The news that my old newspaper was closing — not being sold, not recasting itself as an online-only news site, but actually being shuttered — left me a little stunned.
I can’t say the news was unfathomable; the steady decline of the industry (and, more specifically, my newspaper) had led me to look for a new job last year. I was lucky that unlike many of my co-workers, I jumped and was not pushed … or, in the case of the employees who stayed until the end, evicted.
It got me thinking about the consequences of taking things for granted.
Subscribing to a newspaper, for example. Without subscriptions, a newspaper can’t sell ads — which is how it makes most of its money (usually about 75% of it). No ads, no newspaper … no reporters writing stories.
(Now, that’s a little simplistic. Reporters could work on a contract basis, like my friend Kathy does. Based in China, she writes for a service whose editorial clients don’t want the expense of their own staffer overseas — but will pay a freelancer like her to write a piece when a story of interest comes up. But stay with me.)
So, let’s say you get your news online — for example, on foxnews.com. Here’s a screen grab of the “latest news” box around the time I started this post.
All the articles in the left column, except for one, were not written by Fox — they were picked up by a news service, such as the Associated Press.
Back in the print-only days, the AP’s purpose was much like Kathy’s service: A newspaper in Iowa doesn’t have the resources or access to write about something important in Oregon, and vice versa. The AP deal is this: Give us your worthy stories, in exchange for us giving you access to everyone else’s worthy stories. Newspapers got the national content they need, the AP provided the service for newspapers for a fee, and everyone won.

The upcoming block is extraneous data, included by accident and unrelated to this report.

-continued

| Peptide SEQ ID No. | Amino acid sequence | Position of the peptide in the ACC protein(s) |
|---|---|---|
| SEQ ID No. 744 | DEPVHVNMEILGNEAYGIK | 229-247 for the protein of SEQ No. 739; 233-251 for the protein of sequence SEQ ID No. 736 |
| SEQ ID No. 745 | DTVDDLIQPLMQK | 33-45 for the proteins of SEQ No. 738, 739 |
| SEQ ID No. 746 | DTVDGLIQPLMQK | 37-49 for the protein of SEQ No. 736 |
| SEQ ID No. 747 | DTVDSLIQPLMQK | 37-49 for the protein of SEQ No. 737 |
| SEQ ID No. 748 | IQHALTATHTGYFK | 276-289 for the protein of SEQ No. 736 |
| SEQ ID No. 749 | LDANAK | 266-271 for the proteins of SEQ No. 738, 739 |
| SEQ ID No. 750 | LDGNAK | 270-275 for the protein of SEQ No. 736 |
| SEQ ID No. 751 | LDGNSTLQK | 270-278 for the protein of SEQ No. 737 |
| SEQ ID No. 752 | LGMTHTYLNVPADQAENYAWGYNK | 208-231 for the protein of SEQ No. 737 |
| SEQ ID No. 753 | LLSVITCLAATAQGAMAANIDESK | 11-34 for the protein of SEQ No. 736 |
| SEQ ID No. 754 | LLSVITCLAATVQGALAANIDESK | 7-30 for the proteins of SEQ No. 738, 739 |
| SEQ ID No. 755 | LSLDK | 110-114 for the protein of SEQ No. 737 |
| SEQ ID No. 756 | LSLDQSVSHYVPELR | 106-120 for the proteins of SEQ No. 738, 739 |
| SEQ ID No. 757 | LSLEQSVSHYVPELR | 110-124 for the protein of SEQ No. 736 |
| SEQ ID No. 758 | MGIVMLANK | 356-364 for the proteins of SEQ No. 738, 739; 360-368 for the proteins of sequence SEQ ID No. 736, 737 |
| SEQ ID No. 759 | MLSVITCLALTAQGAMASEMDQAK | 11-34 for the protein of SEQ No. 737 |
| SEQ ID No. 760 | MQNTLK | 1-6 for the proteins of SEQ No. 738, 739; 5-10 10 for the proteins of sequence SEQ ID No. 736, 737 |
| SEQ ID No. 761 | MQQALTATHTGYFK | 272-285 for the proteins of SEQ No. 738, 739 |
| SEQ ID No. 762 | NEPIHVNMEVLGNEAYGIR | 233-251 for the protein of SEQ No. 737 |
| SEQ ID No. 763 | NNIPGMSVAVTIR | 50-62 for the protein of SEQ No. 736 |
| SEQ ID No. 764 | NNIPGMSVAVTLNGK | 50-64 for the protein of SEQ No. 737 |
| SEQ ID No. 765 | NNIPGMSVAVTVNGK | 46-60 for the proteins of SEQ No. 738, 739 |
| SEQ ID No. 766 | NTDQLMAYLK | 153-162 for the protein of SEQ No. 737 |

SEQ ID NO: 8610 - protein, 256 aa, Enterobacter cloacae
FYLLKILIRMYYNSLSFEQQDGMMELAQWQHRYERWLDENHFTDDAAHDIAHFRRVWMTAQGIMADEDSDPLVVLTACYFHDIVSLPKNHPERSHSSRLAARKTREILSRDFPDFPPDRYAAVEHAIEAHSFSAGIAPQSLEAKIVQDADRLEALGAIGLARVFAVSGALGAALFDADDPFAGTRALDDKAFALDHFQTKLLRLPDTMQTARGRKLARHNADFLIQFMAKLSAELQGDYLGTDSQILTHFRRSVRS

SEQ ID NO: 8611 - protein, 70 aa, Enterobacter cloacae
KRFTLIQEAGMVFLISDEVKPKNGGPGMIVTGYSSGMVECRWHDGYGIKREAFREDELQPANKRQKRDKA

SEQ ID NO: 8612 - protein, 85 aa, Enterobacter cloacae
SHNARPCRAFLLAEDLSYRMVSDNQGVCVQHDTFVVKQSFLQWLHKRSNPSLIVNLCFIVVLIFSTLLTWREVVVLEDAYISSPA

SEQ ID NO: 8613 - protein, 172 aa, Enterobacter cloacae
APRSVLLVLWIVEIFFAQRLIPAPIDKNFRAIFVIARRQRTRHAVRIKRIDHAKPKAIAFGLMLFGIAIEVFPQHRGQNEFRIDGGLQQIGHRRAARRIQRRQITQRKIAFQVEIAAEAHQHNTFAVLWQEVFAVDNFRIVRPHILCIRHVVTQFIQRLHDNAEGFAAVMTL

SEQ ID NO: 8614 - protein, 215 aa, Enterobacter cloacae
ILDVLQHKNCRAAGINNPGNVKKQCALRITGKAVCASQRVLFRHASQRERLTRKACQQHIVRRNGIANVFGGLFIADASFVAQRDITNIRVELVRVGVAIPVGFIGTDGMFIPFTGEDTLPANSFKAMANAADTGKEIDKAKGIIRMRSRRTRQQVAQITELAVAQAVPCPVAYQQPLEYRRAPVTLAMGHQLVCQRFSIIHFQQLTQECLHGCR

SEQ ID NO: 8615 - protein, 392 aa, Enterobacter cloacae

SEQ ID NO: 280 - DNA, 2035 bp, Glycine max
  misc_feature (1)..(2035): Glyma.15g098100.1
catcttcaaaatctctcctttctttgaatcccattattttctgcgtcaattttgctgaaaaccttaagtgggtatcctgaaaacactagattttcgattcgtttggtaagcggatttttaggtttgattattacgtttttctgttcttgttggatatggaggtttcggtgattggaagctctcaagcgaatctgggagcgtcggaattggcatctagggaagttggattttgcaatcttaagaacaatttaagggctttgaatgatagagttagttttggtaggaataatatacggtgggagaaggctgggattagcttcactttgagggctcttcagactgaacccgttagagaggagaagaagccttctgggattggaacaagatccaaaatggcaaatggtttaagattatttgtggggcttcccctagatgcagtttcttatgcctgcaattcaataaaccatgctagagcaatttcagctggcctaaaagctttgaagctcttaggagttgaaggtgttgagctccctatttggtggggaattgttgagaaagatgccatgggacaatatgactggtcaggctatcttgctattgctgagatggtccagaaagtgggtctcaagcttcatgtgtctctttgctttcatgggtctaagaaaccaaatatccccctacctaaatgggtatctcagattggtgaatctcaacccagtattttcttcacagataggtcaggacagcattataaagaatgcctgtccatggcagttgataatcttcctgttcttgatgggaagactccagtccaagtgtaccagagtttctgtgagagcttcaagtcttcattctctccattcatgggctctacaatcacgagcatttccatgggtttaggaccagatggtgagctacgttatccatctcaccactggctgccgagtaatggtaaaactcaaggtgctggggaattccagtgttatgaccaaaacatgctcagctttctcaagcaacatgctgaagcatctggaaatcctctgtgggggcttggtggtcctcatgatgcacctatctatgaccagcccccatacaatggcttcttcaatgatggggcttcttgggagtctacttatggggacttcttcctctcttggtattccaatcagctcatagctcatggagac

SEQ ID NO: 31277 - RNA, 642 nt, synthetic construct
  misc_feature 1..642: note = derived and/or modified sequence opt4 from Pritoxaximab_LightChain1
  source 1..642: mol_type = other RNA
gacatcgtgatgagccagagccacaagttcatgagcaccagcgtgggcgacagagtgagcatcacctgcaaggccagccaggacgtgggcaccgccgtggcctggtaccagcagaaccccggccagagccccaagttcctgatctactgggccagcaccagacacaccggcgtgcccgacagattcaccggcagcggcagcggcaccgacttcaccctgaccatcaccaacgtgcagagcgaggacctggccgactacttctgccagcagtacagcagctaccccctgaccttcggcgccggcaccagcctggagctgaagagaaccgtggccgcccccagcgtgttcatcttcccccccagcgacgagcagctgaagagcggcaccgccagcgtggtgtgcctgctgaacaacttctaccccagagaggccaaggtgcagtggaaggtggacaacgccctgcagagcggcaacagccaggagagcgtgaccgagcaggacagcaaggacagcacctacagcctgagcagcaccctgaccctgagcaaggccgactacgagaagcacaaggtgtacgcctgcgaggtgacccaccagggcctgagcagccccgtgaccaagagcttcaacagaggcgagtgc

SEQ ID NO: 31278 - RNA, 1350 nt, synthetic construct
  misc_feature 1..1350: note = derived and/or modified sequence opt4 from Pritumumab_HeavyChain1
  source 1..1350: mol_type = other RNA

Until readers started getting their news on the Internet.
There’s no protocol about sites linking to source articles. For example, the News Herald of Panama City, Fla., did much of the digging on that “Missing Florida Baby” article in the lower right. The Fox News-bylined article uses it as a sourced four times in the first seven paragraphs, but doesn’t provide any link to the News Herald until the article is over. Most of the time, the originating paper gets no credit at all. That’s not true just for Fox — msnbc.com and Yahoo News do the same thing. (Kudos to Google News for linking to the originating newspaper.)
If bloggers like Perez Hilton can manage to credit their sources with upfront embedded links, why can’t full-scale news agencies?
Meanwhile, those small papers don’t get “hits” for any AP national news on their sites — their links are hooked to a hosted AP server.
Here’s the danger: If the small newspapers like the News Herald, or the Dickinson Press, or the East Valley Tribune (link good through Dec. 31 only! Did I mention they won the Pulitzer Prize for investigative journalism this year?), all go out of business, there won’t be articles for wire services to cannibalize. You won’t be able to read the stories on Fox News or MSNBC, because they won’t have the news that wasn’t written by papers that don’t exist anymore.
Yes, a big part of the problem is that newspapers/media companies haven’t figured out how to make a living off online news. But until they do, it’s up to us to consume local news. We try to do it for food, and mom and pop stores … why not news?